7. The gauge of claim 6, said lateral motion controller having a first sine bar and a second sine bar, said slidable engagement between said lateral motion controller and said first table comprising said first sine bar slidably engaging said first table, said slidable engagement between said lateral motion controller and said second table comprising said second sine bar slidably engaging said second table.
8. The gauge of claim 7, further comprising means for moving said carriage with respect to said base.
9. The gauge of claim 8, said means for moving said carriage with respect to said base comprising a screw, said screw having a screw thread, further comprising means for selecting a force applied by said fixed gauge roll, said first gauge roll and said second gauge roll to the object to be measured.
10. The gauge of claim 9, said means for selecting a force comprising:
a. a slide nut, said slide nut having a slide nut thread, said slide nut thread engaging said screw thread such that a radial motion of said screw causes a longitudinal motion of said slide nut;
b. a spring resiliently joining said slide nut and said carriage such that said spring urges said carriage to move upon said longitudinal motion of said slide nut in response to said radial motion of said screw.
11. The gauge of claim 10, further comprising said spring having a rate, said spring rate selected such that when said fixed gauge roll, said first gauge roll and said second gauge roll are in contact with said circular object, a pre-selected radial motion of said screw will cause a pre-selected change in force applied to said object to be measured by said fixed gauge roll, said first gauge roll and said second gauge roll.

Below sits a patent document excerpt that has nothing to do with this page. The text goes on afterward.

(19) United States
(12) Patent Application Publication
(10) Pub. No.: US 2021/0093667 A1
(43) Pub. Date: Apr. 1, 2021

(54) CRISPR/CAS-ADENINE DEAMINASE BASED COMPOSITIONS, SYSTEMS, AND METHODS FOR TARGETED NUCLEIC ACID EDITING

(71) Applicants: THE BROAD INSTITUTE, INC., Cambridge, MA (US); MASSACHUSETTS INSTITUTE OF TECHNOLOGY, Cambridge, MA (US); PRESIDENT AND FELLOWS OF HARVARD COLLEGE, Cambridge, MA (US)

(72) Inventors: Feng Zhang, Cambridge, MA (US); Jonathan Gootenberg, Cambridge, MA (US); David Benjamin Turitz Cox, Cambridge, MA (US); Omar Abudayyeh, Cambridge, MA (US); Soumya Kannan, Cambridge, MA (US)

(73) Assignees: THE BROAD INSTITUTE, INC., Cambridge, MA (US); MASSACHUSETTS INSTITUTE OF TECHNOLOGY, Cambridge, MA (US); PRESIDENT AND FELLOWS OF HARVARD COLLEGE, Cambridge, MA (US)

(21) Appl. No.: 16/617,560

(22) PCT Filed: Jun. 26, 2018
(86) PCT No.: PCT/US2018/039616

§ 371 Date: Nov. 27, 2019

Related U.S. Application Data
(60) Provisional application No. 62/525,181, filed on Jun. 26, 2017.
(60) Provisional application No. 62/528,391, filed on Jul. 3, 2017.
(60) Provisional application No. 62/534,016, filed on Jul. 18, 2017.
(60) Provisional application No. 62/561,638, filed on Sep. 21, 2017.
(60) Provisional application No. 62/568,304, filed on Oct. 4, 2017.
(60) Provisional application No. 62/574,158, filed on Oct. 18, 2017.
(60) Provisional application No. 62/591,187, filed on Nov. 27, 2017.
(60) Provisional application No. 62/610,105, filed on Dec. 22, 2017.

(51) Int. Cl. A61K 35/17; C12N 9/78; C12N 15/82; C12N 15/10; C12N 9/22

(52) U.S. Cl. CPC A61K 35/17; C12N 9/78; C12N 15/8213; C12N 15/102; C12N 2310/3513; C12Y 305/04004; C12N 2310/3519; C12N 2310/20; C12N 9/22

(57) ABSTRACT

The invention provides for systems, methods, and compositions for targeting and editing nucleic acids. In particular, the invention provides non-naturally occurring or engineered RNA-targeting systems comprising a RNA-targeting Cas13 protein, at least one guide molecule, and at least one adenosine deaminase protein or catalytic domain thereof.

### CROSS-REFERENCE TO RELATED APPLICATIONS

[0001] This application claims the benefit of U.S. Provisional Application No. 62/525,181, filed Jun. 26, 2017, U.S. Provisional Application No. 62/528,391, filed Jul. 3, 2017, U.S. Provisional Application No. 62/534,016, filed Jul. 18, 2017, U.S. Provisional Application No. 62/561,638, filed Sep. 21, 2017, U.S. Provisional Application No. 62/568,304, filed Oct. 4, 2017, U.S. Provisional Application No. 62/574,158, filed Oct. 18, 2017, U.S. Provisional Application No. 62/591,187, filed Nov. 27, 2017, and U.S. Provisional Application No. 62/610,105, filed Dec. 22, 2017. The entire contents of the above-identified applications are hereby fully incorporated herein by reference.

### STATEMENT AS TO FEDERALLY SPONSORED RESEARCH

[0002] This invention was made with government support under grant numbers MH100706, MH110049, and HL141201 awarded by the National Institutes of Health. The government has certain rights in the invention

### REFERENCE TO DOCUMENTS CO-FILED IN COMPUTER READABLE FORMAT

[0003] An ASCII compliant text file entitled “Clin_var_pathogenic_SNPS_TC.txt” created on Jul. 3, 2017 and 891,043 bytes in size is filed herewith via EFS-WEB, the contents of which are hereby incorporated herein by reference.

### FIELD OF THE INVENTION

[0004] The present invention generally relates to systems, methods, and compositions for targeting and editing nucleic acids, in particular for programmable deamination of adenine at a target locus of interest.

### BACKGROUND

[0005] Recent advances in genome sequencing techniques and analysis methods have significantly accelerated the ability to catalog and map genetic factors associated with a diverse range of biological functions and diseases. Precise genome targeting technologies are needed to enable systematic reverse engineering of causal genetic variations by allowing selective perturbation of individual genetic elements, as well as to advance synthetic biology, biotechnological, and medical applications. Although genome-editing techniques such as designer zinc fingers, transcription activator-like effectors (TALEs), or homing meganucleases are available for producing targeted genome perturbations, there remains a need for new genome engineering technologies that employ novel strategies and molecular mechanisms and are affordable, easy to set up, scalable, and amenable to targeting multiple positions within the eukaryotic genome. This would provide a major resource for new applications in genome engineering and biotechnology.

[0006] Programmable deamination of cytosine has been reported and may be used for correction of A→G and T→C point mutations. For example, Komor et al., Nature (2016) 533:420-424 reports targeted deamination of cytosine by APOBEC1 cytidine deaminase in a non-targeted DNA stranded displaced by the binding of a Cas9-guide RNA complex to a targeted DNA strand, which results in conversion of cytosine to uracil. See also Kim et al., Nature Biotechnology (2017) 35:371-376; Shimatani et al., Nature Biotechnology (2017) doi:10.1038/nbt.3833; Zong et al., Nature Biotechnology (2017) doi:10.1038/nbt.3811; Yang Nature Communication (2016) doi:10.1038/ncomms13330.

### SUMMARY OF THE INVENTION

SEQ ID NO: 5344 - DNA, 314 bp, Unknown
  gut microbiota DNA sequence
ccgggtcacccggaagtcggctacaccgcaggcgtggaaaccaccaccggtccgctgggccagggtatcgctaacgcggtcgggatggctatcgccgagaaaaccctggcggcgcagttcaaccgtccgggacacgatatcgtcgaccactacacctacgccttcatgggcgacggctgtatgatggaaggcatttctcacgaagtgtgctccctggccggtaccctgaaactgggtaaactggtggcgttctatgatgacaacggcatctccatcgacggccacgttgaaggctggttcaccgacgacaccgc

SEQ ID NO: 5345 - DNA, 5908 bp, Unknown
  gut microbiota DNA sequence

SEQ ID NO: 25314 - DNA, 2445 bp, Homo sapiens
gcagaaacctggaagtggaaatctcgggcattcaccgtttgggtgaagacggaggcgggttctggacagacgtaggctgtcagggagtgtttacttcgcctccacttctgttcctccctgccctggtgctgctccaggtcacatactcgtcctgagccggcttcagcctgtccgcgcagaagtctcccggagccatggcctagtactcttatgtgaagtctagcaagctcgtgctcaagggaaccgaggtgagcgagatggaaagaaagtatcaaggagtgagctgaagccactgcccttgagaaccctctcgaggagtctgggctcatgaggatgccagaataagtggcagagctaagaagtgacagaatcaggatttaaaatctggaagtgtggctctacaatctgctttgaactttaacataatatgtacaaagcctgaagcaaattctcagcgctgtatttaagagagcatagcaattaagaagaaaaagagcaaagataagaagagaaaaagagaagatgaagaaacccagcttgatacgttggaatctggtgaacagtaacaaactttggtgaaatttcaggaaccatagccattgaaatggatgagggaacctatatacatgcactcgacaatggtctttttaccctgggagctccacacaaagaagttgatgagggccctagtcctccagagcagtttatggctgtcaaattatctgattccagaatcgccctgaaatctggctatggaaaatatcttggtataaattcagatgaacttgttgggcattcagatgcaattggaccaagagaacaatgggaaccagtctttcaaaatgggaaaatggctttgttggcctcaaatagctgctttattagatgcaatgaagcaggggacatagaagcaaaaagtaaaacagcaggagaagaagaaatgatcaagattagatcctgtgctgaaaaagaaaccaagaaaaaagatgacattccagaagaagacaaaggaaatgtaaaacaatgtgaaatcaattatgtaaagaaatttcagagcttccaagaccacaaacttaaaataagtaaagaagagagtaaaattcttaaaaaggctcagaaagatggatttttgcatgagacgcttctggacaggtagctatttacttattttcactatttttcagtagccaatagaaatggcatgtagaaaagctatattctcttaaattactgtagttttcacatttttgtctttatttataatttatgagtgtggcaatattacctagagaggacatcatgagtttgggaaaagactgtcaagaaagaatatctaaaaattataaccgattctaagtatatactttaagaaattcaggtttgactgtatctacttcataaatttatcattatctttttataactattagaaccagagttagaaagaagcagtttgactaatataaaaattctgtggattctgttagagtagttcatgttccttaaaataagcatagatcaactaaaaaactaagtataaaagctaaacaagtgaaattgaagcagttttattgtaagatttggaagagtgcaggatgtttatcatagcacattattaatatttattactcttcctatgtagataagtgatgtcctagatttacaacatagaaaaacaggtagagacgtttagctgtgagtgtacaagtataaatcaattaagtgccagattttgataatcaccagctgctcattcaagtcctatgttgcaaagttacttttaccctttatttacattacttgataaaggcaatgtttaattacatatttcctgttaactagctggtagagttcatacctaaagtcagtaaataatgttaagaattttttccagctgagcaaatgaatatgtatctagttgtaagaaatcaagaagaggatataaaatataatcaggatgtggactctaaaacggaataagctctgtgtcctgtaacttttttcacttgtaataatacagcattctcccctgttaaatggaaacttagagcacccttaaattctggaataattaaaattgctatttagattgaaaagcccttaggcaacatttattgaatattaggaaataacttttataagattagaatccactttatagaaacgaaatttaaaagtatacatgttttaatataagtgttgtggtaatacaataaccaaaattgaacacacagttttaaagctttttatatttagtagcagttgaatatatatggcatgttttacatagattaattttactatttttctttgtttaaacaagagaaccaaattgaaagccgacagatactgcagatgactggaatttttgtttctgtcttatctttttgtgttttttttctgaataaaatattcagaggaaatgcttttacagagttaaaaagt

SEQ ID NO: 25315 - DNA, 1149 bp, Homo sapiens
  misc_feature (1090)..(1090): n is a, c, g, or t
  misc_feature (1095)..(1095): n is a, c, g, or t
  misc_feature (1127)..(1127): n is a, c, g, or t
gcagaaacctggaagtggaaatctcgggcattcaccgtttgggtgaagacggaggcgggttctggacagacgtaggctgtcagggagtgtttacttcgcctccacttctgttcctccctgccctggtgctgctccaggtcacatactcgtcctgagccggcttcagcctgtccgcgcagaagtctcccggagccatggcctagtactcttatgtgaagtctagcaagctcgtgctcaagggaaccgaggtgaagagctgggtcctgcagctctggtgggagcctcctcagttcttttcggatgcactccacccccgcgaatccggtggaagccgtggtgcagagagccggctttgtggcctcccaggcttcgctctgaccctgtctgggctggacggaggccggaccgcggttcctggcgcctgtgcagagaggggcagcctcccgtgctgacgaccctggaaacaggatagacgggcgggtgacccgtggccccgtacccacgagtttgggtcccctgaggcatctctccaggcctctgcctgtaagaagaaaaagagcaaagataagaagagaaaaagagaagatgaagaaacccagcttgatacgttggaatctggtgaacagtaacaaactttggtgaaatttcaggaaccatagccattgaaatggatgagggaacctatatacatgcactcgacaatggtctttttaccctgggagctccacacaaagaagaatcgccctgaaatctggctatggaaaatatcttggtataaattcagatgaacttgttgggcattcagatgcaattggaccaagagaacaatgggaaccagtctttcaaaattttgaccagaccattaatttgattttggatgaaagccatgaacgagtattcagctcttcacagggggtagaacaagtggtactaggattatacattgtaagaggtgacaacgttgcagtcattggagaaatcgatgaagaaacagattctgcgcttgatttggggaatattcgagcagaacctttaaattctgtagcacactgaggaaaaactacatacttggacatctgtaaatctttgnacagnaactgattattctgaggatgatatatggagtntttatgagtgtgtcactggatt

12. The gauge of claim 7, further comprising means for measuring the location of said first and said second gauge rolls with respect to said fixed gauge roll.
13. The gauge of claim 12, said means for measuring the location of said first and said second gauge rolls with respect to said fixed gauge roll comprising measuring a position of said carriage with respect to said base.
14. The gauge of claim 13, said means being selected from the list comprising a vernier scale and a digital scale.
15. The gauge of claim 14, the circular object being an external thread or an internal thread.
16. A gauge for measuring a circular object comprising:
a. a base;
b. a fixed gauge roll attached to said base;
c. a carriage slidably engaging said base, said carriage adapted to slide in a longitudinal direction with respect to said fixed gauge roll;
d. a first table slidably engaging said carriage;
e. a second table slidably engaging said carriage, said first and said second tables being adapted to slide in a lateral direction with respect to said carriage;
f. a first gauge roll attached to said first table; and
g. a second gauge roll attached to said second table;
h. a lateral motion controller affixed to said base, said lateral motion controller slidably engaging said first table and said second table.
17. A method for measuring a circular object comprising the steps of:
a. placing the circular object in a relation to a triangle defined by a fixed gauge roll, a first gauge roll and a second gauge roll;